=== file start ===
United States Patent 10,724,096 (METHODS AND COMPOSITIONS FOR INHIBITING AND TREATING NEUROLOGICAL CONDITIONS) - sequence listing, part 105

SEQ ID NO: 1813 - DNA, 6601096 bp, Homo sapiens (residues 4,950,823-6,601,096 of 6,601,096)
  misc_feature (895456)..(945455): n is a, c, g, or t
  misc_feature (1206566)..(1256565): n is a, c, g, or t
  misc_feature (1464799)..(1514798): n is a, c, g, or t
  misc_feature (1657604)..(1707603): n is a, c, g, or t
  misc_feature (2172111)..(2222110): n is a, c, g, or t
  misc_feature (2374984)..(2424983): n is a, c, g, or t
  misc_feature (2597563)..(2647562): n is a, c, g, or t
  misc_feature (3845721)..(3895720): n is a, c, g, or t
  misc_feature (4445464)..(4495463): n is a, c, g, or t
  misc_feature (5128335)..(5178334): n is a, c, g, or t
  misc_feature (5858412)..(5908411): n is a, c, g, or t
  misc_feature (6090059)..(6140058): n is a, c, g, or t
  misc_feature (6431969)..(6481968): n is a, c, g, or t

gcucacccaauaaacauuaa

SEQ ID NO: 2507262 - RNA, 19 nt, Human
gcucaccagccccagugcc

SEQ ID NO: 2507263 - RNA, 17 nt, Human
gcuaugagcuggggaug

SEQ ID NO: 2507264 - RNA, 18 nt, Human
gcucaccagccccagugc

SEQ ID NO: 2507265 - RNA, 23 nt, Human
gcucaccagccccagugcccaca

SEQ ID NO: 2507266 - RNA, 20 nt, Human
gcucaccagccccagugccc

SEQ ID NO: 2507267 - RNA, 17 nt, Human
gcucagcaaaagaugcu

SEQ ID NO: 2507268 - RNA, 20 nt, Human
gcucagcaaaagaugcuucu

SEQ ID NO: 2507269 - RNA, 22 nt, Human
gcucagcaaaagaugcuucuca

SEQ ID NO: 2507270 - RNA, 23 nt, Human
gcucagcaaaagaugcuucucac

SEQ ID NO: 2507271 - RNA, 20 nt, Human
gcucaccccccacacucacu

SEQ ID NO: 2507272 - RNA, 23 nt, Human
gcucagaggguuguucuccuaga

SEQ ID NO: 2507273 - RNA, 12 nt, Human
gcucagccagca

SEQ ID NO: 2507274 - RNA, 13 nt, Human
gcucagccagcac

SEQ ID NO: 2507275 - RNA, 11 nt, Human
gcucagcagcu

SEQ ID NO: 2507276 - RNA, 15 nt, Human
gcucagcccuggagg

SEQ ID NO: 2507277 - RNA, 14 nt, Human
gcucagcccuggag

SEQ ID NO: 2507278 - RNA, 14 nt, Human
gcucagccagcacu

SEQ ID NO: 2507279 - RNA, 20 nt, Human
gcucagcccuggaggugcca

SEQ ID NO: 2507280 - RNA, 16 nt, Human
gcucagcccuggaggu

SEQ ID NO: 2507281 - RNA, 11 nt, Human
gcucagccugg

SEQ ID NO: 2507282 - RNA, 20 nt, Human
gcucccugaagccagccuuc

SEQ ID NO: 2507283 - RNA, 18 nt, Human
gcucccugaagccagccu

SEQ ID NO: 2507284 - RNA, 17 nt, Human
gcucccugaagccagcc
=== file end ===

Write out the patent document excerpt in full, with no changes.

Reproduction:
United States Patent 10,724,096 (METHODS AND COMPOSITIONS FOR INHIBITING AND TREATING NEUROLOGICAL CONDITIONS) - sequence listing, part 105

SEQ ID NO: 1813 - DNA, 6601096 bp, Homo sapiens (residues 4,950,823-6,601,096 of 6,601,096)
  misc_feature (895456)..(945455): n is a, c, g, or t
  misc_feature (1206566)..(1256565): n is a, c, g, or t
  misc_feature (1464799)..(1514798): n is a, c, g, or t
  misc_feature (1657604)..(1707603): n is a, c, g, or t
  misc_feature (2172111)..(2222110): n is a, c, g, or t
  misc_feature (2374984)..(2424983): n is a, c, g, or t
  misc_feature (2597563)..(2647562): n is a, c, g, or t
  misc_feature (3845721)..(3895720): n is a, c, g, or t
  misc_feature (4445464)..(4495463): n is a, c, g, or t
  misc_feature (5128335)..(5178334): n is a, c, g, or t
  misc_feature (5858412)..(5908411): n is a, c, g, or t
  misc_feature (6090059)..(6140058): n is a, c, g, or t
  misc_feature (6431969)..(6481968): n is a, c, g, or t

gcucacccaauaaacauuaa

SEQ ID NO: 2507262 - RNA, 19 nt, Human
gcucaccagccccagugcc

SEQ ID NO: 2507263 - RNA, 17 nt, Human
gcuaugagcuggggaug

SEQ ID NO: 2507264 - RNA, 18 nt, Human
gcucaccagccccagugc

SEQ ID NO: 2507265 - RNA, 23 nt, Human
gcucaccagccccagugcccaca

SEQ ID NO: 2507266 - RNA, 20 nt, Human
gcucaccagccccagugccc

SEQ ID NO: 2507267 - RNA, 17 nt, Human
gcucagcaaaagaugcu

SEQ ID NO: 2507268 - RNA, 20 nt, Human
gcucagcaaaagaugcuucu

SEQ ID NO: 2507269 - RNA, 22 nt, Human
gcucagcaaaagaugcuucuca

SEQ ID NO: 2507270 - RNA, 23 nt, Human
gcucagcaaaagaugcuucucac

SEQ ID NO: 2507271 - RNA, 20 nt, Human
gcucaccccccacacucacu

SEQ ID NO: 2507272 - RNA, 23 nt, Human
gcucagaggguuguucuccuaga

SEQ ID NO: 2507273 - RNA, 12 nt, Human
gcucagccagca

SEQ ID NO: 2507274 - RNA, 13 nt, Human
gcucagccagcac

SEQ ID NO: 2507275 - RNA, 11 nt, Human
gcucagcagcu

SEQ ID NO: 2507276 - RNA, 15 nt, Human
gcucagcccuggagg

SEQ ID NO: 2507277 - RNA, 14 nt, Human
gcucagcccuggag

SEQ ID NO: 2507278 - RNA, 14 nt, Human
gcucagccagcacu

SEQ ID NO: 2507279 - RNA, 20 nt, Human
gcucagcccuggaggugcca

SEQ ID NO: 2507280 - RNA, 16 nt, Human
gcucagcccuggaggu

SEQ ID NO: 2507281 - RNA, 11 nt, Human
gcucagccugg

SEQ ID NO: 2507282 - RNA, 20 nt, Human
gcucccugaagccagccuuc

SEQ ID NO: 2507283 - RNA, 18 nt, Human
gcucccugaagccagccu

SEQ ID NO: 2507284 - RNA, 17 nt, Human
gcucccugaagccagcc